About Ron

This author has not yet filled in any details.
So far Ron has created 1054 blog entries.

A Thelonious Monk “reaction” video on “I Mean You?”

By |July 27th, 2020|

Have you ever seen those “reaction” videos that people post on YouTube? They generally consist of someone listening to a recording, and “reacting” with big facial expressions of surprise and delight. They’re very popular and a lot of people find them to be entertaining. “Reaction” videos were on my mind as I sat down to play Thelonious Monk’s tune “I Mean You” this week. “I Mean You” is a wonderful tune with some of the “Monk-isms” that we’ve come to expect in his music. Things like tricky rhythms, unexpected dissonances, and challenging chord progressions. Just the things, I thought, that [...]

World Piano Jam!

By |July 19th, 2020|

I’m excited to share a video that 50 of my online piano students and I have put together. A few months ago, I asked all of my online students, who live all over the world, if they’d like to participate in a kind of “virtual orchestra” video, with all of us pianists jamming together. 50 of them replied “yes,” and I began to map it all out. I love that moment when the whole concept starts to become envisioned in my mind, and then it’s a step-by-step process to make this vision a reality. It’s just like cooking a meal, [...]

A funny thing happened on my way to the Real Book

By |July 16th, 2020|

Hey everyone, A funny thing happened on my way to the Real Book. Between giving lessons each day and doing some non-jazz recording sessions this week, I haven’t been playing as much jazz lately as I usually do. But at the same time, I’ve been posting a daily 20-minute Rock Piano for Beginners Workout video on YouTube. On the surface, the stuff I’m playing on these rock videos is very simple for me, since I’ve been playing for so long. I’m improvising with the basic blues scales in a straight-forward rhythmic manner that beginning rock pianists can play along with [...]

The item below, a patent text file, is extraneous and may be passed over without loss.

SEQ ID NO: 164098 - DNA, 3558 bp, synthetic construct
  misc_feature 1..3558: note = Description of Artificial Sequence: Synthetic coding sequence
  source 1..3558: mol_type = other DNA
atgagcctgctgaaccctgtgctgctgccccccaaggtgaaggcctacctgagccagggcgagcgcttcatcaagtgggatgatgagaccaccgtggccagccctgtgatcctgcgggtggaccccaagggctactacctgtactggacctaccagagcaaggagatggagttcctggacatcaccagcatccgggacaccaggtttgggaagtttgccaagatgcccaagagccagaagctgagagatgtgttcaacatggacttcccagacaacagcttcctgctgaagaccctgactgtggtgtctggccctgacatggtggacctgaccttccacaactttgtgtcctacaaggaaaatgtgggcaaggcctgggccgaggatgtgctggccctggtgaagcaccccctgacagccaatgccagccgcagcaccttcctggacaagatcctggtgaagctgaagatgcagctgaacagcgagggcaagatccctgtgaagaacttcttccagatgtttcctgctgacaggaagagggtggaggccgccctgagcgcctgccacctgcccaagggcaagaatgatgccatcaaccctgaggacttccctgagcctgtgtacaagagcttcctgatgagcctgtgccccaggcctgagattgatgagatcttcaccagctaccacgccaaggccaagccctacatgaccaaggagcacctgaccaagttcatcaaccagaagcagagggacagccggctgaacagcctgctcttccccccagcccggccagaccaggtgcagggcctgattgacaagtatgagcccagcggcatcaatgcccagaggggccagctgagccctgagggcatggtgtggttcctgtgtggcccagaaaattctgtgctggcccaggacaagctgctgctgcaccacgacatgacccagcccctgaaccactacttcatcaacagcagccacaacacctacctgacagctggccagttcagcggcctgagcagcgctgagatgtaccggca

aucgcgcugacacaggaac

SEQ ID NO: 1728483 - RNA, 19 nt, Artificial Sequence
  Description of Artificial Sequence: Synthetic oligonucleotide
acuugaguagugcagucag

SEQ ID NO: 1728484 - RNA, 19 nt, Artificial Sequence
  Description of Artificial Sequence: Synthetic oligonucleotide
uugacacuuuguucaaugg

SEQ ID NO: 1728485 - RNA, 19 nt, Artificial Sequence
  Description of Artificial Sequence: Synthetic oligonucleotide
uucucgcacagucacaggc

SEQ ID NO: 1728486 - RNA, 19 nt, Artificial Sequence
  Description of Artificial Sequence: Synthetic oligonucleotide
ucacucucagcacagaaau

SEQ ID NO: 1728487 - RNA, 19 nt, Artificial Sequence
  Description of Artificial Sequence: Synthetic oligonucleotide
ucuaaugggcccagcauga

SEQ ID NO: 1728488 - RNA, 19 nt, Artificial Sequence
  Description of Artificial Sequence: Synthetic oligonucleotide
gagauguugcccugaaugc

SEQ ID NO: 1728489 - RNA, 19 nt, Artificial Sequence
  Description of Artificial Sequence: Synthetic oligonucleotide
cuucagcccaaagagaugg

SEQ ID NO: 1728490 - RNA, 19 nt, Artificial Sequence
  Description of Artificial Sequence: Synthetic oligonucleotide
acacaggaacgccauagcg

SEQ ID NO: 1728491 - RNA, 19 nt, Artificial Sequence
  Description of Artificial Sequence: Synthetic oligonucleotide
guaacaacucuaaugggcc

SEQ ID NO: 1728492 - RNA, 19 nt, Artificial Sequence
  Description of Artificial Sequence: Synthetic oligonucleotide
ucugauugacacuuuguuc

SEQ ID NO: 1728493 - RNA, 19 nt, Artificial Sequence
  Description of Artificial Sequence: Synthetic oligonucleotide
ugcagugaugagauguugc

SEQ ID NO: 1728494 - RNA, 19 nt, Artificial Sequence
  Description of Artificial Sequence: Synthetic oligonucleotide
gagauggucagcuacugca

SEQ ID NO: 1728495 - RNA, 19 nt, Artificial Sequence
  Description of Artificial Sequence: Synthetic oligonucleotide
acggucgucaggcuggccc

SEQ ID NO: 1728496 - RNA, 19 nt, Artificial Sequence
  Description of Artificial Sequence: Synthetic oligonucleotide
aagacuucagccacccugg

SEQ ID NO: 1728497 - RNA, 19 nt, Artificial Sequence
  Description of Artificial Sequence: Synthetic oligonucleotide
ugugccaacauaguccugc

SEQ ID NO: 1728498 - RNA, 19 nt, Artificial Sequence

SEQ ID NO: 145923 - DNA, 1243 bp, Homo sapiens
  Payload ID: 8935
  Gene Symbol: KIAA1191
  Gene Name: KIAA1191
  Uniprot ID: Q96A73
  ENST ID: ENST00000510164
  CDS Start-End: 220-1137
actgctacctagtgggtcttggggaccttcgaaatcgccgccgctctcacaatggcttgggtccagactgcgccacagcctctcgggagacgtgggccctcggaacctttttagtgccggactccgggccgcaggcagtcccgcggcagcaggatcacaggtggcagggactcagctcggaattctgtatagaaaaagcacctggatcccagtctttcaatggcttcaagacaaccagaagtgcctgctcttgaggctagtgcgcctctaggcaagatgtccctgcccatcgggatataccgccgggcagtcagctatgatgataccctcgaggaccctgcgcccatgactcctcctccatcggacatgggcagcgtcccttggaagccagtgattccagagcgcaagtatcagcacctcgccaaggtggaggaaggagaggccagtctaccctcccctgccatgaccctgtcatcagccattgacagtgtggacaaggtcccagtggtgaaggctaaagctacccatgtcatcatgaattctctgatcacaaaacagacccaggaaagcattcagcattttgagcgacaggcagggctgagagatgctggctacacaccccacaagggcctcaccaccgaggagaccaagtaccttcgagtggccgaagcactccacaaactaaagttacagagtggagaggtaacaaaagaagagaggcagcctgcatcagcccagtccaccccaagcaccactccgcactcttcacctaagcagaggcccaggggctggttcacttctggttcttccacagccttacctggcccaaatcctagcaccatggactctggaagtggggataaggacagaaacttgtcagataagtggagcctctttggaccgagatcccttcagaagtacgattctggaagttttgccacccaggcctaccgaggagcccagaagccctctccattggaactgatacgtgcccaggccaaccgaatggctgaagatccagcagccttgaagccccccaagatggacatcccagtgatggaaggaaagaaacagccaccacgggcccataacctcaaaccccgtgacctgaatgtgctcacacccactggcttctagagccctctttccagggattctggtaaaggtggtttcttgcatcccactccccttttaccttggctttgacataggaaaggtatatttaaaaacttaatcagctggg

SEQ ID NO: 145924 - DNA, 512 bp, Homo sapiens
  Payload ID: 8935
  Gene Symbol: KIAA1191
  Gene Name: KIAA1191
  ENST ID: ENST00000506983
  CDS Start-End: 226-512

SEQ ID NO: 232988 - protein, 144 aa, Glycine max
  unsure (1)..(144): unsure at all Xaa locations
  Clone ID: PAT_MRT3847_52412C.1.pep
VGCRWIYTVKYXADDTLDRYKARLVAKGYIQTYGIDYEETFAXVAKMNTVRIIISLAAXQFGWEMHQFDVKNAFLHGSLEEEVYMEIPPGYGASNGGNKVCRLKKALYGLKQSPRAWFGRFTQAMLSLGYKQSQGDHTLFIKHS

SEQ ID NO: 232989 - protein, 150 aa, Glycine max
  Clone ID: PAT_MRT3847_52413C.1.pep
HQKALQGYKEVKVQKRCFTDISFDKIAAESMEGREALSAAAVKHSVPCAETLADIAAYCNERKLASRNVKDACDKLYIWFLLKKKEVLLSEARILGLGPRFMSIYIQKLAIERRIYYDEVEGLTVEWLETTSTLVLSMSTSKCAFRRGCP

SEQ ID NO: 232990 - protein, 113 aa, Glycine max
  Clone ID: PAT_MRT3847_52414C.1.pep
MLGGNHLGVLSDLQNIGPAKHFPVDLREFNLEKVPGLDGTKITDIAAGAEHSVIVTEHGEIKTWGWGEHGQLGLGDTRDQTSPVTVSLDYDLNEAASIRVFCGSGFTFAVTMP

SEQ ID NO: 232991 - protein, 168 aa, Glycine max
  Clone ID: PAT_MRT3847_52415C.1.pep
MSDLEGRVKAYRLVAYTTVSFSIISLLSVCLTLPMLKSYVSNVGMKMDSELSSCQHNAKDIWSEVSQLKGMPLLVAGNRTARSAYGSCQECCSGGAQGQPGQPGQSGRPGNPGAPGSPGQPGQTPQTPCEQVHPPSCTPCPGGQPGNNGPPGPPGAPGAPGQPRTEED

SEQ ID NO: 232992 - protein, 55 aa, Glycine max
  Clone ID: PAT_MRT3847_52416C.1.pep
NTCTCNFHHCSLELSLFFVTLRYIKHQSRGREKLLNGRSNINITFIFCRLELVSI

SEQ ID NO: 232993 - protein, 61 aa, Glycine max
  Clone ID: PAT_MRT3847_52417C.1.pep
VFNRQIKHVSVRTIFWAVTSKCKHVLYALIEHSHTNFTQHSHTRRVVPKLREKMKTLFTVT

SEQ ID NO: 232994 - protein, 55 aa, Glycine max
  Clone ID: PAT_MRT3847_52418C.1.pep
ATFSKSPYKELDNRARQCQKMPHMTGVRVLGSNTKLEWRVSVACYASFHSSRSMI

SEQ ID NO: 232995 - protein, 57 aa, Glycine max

Entering a virtuous cycle with our piano playing

By |July 15th, 2020|

Hey everyone! I’m having the time of my life making the Rock Piano for Beginners Workout videos this month, and I’m delighted that many of you are coming along for the ride. We’re only halfway through the month, and it’s gratifying to hear how this series is helping with hand independence and getting players to improvise with a greater ease and sense of flow. One pianist, Stephen, left a comment today that says it better than I can: “Bite-size chunks and lots of practicing what you can actually manage to do, not what you can not quite manage to do. [...]

Improvising a jazz piano intro in the style of Chick Corea

By |July 7th, 2020|

Have you ever sat down at your piano and specifically tried to play in the style of one of your favorite jazz pianists? This can be a lot of fun, especially if it’s during a rubato, out-of-tempo section where we can take our time and think of what comes next. I recently did this while playing Cole Porter’s “I Love You.” The opening melodic interval is a descending major 7th, and this is exactly the type of angular melodic shape that Chick Corea likes to use, particularly while playing rubato. So I decided to use that motif as the basis [...]